On August 24, Duane Morris partner Rob Palumbos will present a CLE webinar at the Pennsylvania Defense Institute about developments in the forum non conveniens doctrine in Pennsylvania. Over the last several years, the Pennsylvania Superior Court has been extremely active on this issue, issuing approximately two dozen new precedential decisions. For more information or to register, please visit the Pennsylvania Defense Institute’s website.
On December 1, 2021, several welcome amendments to Rule 3 of the Federal Rules of Appellate Procedure will take effect (barring highly unlikely Congressional action). These changes clarify and simplify the requirements for notices of appeal.
First, the amendments make clear that a notice of appeal encompasses all interlocutory orders that merge into the designated judgment or appealable order. Appellants need not specifically designate such interlocutory orders in the notice.
Those provisions eliminate a waiver trap that some courts had created by holding that an appellant’s designation of certain interlocutory orders in the notice of appeal excluded review of undesignated orders. The amendments provide that designations of specific orders will not limit the scope of the notice of appeal without an express statement that the notice is so limited.
Second, the amendments make clear that a notice encompasses the final judgment when it identifies a final order that resolves all remaining claims or an order that resolves a post-judgment motion. That change removes waiver traps that had developed based on Rule 3’s prior requirement that a notice designate the “judgment.”
Some courts had held that where an appellant described a final order as an “order” rather than a “judgment,” the notice was limited to that order, excluding review of interlocutory orders that merged into the judgment. Likewise, some courts treated a notice of appeal that designated only an order disposing of a post-judgment motion as limited to that order, excluding review of the judgment itself. The amendments eliminate both traps.
While the amendments reflect the law that already governed in many jurisdictions, they are still a welcome change. The amendments eliminate ambiguity that had caused problems in certain jurisdictions and provide clarity for practitioners.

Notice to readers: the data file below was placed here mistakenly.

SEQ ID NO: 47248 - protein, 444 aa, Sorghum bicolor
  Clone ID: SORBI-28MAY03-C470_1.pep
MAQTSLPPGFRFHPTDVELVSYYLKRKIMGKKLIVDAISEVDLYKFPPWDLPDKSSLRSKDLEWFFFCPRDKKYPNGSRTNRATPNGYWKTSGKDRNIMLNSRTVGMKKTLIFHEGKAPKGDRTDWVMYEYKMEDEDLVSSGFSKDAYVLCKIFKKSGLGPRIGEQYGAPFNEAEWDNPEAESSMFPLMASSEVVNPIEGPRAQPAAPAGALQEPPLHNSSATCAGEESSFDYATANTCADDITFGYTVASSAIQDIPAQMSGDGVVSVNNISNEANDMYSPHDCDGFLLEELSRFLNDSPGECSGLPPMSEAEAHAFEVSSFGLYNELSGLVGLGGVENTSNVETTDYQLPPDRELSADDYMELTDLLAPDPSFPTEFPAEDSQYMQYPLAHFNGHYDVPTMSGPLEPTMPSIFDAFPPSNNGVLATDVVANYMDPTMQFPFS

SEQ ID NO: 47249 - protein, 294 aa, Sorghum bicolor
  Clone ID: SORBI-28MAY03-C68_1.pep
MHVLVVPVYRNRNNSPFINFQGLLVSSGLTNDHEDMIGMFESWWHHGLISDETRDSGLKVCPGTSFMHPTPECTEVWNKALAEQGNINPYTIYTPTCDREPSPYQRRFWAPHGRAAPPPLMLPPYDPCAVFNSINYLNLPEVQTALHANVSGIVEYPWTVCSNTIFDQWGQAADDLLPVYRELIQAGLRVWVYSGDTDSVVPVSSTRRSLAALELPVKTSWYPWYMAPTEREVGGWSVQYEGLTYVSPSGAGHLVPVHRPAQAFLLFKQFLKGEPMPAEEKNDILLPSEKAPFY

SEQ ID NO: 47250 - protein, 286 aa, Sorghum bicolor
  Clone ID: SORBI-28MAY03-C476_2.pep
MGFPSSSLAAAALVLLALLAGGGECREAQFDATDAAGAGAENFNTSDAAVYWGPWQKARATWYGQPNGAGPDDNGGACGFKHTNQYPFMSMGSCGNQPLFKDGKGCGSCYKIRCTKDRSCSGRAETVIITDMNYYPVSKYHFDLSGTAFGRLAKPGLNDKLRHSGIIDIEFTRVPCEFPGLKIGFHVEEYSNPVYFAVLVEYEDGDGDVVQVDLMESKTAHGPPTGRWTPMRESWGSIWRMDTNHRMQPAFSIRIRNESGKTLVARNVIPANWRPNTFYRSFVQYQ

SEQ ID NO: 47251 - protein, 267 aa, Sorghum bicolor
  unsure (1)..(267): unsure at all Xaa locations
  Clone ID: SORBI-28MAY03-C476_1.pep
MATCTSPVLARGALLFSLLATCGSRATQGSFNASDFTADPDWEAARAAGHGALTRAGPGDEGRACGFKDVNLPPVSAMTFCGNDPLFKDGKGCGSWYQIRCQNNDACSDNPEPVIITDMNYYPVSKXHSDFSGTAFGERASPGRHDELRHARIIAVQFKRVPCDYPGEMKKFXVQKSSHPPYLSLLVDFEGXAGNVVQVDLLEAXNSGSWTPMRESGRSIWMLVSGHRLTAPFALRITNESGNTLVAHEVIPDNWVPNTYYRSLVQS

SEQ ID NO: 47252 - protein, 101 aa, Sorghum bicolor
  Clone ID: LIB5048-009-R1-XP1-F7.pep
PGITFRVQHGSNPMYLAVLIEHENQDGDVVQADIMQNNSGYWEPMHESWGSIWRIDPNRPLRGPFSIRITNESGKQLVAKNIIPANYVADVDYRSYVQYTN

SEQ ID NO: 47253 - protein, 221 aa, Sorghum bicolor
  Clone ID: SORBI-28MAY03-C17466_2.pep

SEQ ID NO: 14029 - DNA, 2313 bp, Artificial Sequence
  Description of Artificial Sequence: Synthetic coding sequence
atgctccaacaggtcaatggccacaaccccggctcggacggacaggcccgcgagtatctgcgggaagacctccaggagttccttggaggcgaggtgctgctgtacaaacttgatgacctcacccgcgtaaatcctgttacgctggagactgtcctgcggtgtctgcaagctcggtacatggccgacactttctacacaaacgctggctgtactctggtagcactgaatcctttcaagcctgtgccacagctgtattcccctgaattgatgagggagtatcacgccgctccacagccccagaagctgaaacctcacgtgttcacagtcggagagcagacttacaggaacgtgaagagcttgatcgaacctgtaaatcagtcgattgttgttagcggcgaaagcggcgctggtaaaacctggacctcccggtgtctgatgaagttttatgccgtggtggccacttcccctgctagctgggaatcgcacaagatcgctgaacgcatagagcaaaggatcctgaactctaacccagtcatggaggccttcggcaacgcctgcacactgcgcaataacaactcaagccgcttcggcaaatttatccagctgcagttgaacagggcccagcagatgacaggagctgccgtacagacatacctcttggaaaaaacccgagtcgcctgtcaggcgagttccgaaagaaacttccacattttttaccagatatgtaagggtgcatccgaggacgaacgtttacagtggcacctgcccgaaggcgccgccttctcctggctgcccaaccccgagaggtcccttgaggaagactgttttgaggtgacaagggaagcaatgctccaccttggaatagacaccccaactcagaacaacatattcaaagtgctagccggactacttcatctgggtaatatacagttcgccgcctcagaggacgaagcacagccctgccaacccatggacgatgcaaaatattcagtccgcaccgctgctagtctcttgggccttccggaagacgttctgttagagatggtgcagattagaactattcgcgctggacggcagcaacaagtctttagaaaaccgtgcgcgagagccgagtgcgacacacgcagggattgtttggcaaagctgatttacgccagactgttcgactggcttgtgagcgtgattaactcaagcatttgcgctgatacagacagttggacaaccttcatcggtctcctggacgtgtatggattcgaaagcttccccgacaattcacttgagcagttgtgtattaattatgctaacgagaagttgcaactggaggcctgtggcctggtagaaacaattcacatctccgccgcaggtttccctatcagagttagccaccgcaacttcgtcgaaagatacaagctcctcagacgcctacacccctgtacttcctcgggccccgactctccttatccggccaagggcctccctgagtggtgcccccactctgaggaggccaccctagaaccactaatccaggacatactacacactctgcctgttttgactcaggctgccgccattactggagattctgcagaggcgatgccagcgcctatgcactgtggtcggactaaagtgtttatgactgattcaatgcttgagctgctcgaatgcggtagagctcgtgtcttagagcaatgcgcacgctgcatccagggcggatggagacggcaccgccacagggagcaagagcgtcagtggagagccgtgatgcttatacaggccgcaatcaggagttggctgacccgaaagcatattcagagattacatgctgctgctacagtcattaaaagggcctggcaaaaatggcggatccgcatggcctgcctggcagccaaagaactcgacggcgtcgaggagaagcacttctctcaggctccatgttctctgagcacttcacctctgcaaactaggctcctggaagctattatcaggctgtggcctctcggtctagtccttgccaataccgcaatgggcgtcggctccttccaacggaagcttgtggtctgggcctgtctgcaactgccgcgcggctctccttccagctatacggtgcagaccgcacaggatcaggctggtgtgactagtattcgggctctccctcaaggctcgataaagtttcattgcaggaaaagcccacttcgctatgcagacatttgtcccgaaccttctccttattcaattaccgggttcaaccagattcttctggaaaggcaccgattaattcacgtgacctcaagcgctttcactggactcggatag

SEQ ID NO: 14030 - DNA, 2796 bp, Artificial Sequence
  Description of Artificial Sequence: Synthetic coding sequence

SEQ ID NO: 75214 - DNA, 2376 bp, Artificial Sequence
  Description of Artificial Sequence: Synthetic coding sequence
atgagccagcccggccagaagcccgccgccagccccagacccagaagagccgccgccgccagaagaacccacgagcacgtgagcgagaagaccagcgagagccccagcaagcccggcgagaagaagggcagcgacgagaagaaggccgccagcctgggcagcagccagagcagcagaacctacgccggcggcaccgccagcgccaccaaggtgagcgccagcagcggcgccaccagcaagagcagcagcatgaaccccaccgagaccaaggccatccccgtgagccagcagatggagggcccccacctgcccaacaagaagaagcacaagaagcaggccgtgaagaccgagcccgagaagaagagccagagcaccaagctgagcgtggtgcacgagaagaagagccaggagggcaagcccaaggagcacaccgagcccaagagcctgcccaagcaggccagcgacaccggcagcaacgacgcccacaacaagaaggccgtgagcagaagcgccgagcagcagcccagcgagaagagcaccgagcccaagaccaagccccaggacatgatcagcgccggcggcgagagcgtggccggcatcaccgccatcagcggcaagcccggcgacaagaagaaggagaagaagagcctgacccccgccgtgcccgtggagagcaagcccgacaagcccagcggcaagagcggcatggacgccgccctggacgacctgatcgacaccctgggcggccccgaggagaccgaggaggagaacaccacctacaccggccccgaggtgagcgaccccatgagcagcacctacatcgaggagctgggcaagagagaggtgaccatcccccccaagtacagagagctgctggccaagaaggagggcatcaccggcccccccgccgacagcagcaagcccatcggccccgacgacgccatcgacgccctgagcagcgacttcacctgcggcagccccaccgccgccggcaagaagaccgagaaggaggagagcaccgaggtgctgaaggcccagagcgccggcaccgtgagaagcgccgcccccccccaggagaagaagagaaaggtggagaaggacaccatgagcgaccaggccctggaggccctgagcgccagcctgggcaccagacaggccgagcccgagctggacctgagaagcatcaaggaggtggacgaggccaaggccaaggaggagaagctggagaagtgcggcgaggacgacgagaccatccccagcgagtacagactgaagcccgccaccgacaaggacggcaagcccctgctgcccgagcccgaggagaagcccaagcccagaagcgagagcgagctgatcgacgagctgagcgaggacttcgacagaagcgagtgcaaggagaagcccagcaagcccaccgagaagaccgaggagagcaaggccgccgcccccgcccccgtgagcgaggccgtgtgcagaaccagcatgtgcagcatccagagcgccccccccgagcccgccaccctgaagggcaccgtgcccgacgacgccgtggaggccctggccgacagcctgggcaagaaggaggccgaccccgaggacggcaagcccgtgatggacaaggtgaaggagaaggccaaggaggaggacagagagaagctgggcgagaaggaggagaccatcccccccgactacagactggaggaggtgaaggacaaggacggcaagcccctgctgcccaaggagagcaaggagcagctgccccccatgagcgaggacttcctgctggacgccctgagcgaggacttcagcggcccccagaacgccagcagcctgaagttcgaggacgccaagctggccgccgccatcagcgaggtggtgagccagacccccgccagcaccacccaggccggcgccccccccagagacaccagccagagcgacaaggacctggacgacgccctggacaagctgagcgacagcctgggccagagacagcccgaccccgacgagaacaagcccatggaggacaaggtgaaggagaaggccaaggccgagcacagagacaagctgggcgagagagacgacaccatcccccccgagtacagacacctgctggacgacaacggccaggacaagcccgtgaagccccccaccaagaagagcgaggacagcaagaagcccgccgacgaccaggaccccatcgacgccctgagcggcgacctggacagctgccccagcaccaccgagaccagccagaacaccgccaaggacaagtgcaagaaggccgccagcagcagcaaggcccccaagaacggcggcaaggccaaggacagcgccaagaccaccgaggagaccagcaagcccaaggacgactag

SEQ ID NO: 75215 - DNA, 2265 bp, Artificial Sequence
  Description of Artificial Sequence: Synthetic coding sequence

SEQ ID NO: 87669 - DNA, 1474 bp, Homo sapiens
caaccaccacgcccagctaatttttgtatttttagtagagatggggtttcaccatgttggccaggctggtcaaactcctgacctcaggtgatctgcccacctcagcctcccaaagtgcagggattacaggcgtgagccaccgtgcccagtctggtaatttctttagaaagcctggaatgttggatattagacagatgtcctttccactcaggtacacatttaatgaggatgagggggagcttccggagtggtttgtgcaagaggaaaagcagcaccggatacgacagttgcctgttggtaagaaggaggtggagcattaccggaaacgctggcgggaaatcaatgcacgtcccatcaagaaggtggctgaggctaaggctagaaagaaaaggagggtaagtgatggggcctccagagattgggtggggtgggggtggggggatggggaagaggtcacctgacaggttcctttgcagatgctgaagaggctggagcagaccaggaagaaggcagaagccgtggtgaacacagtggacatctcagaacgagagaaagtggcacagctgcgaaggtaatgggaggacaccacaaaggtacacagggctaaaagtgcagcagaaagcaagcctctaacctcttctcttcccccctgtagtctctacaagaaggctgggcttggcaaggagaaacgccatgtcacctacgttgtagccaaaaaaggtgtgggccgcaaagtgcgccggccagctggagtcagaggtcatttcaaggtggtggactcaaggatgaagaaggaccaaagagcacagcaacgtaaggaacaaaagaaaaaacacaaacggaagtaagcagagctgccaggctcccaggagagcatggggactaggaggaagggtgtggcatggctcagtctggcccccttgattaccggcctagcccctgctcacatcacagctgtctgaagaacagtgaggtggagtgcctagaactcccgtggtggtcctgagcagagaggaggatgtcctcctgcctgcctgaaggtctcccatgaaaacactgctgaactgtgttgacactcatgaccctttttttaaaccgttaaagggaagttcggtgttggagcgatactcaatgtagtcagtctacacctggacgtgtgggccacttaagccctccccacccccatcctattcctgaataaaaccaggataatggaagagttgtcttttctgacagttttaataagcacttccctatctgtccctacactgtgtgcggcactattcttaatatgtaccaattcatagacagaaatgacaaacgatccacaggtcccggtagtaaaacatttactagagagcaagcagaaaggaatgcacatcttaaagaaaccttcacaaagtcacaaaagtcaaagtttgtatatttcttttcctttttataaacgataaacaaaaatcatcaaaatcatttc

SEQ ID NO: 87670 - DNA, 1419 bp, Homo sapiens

The Supreme Court heard argument in the second iteration of Henry Schein, Inc. v. Archer & White Sales, Inc., Case No. 19-963, (Henry Schein II) on December 8, 2020, which was broadcast live on CSPAN and is available here. During the course of the argument and questioning, the Court made clear that it was only considering a narrow question: Assume that the contract generally says that an arbitrator decides if a particular dispute must be arbitrated, rather than be litigated in a court. Also assume that the contract says claims for injunctive relief are not subject to arbitration. The parties to the contract have a dispute, and they disagree on whether the dispute seeks injunctive relief. Who decides this threshold dispute—an arbitrator or a court? (For more background on this case, see our pre-argument discussion on the issues presented.)
The question presented to the Court in Henry Schein II seems to be one of pure contract interpretation, which makes it an odd choice for the Court to hear. The Court is ostensibly deciding whether the carve-out for injunctive relief claims in this contract limits just the scope of arbitration or also limits the scope of the contract’s delegation to the arbitrator to decide the threshold issues of arbitrability. Yet, the oral argument revealed a few themes that indicate some of the broader implications of this litigation.
Arbitrability—or who decides what claims are subject to arbitration—is returning to the Supreme Court next week for the second time in as many years. The first time the matter reached the Court, the Supreme Court unanimously held that, where a contract clearly and unmistakably delegates questions of arbitrability to an arbitrator, a court cannot decide the issue in the first instance, even if the court thinks the argument for arbitration is “wholly groundless.” Henry Schein, Inc. v. Archer & White Sales, Inc., 139 S. Ct. 524 (2019).
The issue has now returned to the Supreme Court following remand and a new decision by the Fifth Circuit. Archer & White Sales, Inc. v. Henry Schein, Inc., 935 F.3d 274 (5th Cir. 2019). On December 8, 2020, the Court will hear the case again, this time to decide “[w]hether a provision in an arbitration agreement that exempts certain claims from arbitration negates an otherwise clear and unmistakable delegation of questions of arbitrability to an arbitrator.”